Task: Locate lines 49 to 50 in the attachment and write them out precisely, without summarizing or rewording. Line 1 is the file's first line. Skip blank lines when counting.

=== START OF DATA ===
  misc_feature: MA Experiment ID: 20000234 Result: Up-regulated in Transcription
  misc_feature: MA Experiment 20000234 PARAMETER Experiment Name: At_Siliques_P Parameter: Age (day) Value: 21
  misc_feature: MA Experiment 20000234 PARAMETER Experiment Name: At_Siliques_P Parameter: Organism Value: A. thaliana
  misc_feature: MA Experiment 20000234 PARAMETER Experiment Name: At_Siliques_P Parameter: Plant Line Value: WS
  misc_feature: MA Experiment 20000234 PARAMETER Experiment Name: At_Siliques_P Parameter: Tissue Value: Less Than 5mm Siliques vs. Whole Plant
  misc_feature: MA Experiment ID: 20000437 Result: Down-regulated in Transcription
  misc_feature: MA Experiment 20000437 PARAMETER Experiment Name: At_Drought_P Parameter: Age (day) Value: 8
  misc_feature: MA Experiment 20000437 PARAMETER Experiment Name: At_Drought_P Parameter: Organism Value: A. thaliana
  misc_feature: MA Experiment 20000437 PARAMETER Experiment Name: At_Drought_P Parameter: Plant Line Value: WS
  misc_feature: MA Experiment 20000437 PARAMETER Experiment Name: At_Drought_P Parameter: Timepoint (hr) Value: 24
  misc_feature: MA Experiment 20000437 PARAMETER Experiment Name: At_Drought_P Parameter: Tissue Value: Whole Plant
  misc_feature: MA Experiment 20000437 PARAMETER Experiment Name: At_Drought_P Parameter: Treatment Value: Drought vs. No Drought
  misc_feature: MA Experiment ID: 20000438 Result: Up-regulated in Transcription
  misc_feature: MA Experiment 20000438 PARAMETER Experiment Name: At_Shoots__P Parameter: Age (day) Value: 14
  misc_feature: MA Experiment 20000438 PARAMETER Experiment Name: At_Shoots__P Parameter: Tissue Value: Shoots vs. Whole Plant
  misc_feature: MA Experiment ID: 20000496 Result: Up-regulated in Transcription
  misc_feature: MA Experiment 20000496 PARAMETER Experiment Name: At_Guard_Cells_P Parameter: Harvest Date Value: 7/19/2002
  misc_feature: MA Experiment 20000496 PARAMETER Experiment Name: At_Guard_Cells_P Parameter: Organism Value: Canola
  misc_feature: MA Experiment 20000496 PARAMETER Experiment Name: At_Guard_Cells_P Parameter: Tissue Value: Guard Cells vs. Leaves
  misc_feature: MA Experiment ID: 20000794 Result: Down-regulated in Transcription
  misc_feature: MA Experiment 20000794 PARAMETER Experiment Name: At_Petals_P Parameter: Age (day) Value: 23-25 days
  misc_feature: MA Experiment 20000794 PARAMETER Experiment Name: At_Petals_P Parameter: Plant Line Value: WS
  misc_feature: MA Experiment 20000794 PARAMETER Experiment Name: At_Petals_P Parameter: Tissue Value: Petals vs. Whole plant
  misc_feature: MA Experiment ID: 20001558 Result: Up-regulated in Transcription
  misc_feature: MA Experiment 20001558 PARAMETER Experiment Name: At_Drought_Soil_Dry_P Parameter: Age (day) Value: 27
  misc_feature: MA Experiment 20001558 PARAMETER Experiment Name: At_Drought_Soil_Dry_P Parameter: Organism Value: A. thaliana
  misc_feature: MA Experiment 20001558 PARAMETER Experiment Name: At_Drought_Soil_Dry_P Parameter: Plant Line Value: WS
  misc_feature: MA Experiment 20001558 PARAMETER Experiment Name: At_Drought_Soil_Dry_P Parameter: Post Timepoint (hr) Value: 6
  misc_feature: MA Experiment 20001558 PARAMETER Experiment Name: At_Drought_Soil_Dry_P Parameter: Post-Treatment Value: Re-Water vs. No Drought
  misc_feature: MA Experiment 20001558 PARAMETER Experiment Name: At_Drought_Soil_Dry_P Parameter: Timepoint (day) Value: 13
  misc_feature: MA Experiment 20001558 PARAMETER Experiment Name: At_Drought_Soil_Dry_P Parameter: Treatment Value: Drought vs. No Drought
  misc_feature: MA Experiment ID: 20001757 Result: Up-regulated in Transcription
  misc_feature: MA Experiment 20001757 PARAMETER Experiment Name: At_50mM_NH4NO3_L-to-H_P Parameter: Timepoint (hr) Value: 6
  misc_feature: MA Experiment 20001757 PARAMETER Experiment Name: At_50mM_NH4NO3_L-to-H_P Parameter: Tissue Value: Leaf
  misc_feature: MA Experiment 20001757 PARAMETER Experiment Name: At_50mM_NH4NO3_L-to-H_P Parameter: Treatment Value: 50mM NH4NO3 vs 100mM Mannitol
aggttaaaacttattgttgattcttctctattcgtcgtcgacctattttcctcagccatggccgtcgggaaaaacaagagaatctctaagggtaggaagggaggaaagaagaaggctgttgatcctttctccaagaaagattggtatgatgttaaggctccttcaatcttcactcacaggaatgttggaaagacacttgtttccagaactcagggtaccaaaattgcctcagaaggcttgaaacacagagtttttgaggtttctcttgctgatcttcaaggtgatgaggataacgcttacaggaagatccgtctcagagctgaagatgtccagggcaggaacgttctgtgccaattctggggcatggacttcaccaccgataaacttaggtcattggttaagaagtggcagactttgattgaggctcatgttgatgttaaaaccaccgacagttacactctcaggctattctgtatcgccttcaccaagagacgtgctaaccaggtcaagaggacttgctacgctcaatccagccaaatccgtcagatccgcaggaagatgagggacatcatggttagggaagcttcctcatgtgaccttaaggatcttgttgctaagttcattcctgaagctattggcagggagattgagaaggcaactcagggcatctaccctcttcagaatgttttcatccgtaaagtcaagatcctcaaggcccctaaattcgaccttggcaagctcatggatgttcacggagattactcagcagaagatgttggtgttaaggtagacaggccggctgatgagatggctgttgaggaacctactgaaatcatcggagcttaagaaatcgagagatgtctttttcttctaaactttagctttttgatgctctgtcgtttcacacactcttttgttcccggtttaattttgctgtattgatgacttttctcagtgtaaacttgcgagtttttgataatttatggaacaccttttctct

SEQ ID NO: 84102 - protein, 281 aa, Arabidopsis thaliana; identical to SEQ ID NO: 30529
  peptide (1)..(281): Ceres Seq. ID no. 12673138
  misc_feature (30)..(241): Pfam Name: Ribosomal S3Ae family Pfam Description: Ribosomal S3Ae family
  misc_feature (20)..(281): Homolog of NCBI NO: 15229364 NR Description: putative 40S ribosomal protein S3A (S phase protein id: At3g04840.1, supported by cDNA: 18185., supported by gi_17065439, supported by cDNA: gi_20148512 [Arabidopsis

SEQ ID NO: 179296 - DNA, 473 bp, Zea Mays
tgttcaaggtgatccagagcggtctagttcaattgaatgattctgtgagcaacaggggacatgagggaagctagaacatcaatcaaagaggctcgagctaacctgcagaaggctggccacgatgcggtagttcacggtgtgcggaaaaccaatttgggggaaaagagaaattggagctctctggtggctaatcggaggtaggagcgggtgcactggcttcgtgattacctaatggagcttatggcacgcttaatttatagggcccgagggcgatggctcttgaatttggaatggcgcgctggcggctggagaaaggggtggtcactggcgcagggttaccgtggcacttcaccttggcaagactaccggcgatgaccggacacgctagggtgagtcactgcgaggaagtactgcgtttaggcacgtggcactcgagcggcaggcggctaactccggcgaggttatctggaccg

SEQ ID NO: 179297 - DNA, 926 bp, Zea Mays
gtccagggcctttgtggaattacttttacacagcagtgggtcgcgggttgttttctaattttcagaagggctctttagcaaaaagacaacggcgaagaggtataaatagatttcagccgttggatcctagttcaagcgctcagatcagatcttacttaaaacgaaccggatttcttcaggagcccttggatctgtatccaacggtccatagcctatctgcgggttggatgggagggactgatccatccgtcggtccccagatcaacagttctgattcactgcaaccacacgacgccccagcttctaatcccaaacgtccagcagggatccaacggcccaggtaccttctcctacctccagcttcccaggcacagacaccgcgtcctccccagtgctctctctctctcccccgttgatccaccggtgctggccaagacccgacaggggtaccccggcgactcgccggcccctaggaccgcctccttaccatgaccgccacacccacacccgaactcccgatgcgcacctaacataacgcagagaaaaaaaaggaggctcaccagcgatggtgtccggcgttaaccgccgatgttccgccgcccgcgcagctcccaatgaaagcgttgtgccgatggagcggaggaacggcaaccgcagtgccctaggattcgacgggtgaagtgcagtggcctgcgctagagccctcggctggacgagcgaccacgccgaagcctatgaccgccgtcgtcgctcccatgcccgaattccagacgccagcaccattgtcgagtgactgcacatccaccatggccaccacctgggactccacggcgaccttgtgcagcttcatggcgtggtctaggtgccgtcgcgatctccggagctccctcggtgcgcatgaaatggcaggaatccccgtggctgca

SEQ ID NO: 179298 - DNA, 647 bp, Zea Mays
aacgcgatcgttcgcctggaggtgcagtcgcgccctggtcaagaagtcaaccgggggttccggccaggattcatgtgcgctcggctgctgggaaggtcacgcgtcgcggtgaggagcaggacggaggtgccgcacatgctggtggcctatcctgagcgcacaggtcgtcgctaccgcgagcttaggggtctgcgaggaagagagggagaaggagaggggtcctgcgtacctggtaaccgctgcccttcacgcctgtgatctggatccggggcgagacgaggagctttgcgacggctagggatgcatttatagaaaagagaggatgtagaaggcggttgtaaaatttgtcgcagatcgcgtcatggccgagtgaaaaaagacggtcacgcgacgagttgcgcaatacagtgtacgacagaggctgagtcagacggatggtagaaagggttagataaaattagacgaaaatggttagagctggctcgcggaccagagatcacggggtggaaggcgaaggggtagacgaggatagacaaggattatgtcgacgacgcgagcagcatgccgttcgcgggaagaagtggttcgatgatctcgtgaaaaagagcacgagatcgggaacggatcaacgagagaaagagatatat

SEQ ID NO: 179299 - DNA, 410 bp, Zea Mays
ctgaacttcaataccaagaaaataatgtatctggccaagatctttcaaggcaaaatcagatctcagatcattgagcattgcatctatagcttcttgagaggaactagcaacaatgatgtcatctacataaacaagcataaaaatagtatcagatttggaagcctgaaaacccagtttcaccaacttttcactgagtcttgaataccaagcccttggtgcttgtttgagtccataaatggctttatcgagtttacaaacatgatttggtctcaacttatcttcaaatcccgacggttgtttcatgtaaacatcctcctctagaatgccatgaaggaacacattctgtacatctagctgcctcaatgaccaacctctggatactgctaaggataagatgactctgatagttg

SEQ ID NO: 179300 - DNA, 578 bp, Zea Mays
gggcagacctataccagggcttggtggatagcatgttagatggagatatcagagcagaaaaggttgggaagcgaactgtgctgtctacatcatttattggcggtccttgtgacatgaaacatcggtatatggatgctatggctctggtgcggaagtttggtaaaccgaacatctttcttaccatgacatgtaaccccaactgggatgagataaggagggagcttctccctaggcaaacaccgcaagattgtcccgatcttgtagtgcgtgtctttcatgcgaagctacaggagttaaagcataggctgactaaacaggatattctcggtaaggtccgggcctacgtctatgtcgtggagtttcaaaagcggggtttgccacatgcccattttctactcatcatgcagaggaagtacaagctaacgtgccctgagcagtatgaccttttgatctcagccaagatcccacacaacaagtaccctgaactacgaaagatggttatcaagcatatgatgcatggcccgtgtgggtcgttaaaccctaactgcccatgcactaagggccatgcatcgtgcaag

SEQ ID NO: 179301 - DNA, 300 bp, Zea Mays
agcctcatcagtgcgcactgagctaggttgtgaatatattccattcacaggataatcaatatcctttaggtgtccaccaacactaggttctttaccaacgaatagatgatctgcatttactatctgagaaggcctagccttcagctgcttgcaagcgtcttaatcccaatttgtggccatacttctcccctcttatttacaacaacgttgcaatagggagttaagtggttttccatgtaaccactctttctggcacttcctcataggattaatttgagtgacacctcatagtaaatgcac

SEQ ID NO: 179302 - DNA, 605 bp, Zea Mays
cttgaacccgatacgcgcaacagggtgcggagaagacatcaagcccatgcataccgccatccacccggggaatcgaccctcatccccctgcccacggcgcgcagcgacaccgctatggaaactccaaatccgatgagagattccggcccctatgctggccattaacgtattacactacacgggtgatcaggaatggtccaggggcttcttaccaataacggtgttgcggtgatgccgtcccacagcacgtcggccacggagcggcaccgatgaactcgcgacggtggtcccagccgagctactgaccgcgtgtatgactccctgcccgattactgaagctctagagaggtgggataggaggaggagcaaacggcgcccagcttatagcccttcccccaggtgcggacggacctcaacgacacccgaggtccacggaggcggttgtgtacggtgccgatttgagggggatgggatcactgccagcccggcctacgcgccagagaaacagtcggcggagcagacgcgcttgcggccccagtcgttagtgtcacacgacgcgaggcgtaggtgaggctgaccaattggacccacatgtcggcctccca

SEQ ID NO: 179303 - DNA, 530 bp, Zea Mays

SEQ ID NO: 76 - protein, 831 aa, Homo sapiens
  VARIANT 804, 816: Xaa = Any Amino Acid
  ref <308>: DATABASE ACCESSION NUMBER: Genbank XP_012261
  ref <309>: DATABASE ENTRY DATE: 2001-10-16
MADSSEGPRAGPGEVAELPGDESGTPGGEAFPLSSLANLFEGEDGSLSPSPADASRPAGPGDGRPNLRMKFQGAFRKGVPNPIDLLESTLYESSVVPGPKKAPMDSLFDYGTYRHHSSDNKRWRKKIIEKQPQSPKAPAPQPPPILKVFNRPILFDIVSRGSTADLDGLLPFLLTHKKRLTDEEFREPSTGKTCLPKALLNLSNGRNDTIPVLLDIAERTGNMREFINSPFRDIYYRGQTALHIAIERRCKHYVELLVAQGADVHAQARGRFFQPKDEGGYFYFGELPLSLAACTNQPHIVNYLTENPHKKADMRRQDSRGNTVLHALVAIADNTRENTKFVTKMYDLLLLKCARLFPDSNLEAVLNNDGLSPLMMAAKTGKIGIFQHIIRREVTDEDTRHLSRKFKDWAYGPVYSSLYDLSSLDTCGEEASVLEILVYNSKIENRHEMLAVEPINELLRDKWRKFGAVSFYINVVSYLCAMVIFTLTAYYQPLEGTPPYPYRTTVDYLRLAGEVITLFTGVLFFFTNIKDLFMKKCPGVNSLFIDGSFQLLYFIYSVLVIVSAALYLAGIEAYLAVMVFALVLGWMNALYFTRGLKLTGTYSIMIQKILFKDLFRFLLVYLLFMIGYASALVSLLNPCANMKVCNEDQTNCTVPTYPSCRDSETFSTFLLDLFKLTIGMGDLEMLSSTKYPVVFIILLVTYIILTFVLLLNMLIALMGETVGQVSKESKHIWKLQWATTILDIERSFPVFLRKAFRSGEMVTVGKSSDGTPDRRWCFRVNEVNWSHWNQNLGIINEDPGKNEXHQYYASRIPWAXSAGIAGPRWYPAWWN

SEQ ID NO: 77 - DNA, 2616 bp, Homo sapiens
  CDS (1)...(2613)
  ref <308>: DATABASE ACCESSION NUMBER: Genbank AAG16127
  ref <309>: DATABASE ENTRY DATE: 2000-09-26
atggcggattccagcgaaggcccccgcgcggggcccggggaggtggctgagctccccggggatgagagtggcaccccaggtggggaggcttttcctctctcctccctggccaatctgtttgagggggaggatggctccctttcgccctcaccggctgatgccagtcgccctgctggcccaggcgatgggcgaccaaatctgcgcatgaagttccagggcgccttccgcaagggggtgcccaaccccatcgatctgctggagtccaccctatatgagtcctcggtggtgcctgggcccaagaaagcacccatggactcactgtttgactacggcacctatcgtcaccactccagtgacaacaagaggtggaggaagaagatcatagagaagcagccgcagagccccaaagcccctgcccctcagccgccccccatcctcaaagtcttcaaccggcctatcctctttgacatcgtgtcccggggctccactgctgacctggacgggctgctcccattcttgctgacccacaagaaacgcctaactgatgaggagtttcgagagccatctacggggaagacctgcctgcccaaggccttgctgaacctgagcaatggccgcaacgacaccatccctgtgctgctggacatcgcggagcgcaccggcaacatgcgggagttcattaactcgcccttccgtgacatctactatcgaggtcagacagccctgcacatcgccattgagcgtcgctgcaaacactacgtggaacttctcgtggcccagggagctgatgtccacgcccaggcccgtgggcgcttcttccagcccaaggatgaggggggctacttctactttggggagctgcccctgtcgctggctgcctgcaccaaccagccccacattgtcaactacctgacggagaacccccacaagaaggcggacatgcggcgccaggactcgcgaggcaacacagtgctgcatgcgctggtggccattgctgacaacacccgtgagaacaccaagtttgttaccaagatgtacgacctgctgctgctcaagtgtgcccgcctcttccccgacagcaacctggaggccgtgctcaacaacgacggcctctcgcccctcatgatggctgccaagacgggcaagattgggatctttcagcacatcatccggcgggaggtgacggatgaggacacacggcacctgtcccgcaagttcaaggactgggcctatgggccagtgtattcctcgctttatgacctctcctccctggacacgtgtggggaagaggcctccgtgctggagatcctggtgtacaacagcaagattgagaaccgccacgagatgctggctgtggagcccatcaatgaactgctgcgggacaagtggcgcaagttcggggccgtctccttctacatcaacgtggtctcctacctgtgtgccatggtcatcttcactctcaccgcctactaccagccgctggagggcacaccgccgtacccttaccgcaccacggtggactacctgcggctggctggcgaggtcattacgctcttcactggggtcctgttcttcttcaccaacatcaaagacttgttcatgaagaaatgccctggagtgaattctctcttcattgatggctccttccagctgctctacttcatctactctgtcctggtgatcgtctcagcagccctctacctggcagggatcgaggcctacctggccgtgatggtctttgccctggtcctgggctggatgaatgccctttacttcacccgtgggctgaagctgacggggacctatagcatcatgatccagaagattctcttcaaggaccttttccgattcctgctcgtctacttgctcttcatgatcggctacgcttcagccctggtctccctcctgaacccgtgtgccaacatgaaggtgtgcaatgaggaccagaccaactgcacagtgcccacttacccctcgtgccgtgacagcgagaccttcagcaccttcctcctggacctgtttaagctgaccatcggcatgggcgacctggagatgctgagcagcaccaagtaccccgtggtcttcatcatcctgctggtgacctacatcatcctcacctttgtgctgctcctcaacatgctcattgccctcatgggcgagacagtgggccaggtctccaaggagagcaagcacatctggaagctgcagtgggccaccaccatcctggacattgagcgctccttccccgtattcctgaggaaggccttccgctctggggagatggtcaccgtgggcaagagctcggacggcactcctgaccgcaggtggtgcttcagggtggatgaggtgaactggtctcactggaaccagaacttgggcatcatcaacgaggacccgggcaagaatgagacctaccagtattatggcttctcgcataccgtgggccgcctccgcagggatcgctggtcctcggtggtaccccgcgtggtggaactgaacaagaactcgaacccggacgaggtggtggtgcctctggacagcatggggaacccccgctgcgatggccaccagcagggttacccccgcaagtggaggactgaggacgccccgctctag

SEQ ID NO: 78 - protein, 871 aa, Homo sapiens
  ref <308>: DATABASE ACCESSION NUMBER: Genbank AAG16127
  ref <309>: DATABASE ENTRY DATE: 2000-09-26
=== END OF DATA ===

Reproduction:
SEQ ID NO: 179300 - DNA, 578 bp, Zea Mays
gggcagacctataccagggcttggtggatagcatgttagatggagatatcagagcagaaaaggttgggaagcgaactgtgctgtctacatcatttattggcggtccttgtgacatgaaacatcggtatatggatgctatggctctggtgcggaagtttggtaaaccgaacatctttcttaccatgacatgtaaccccaactgggatgagataaggagggagcttctccctaggcaaacaccgcaagattgtcccgatcttgtagtgcgtgtctttcatgcgaagctacaggagttaaagcataggctgactaaacaggatattctcggtaaggtccgggcctacgtctatgtcgtggagtttcaaaagcggggtttgccacatgcccattttctactcatcatgcagaggaagtacaagctaacgtgccctgagcagtatgaccttttgatctcagccaagatcccacacaacaagtaccctgaactacgaaagatggttatcaagcatatgatgcatggcccgtgtgggtcgttaaaccctaactgcccatgcactaagggccatgcatcgtgcaag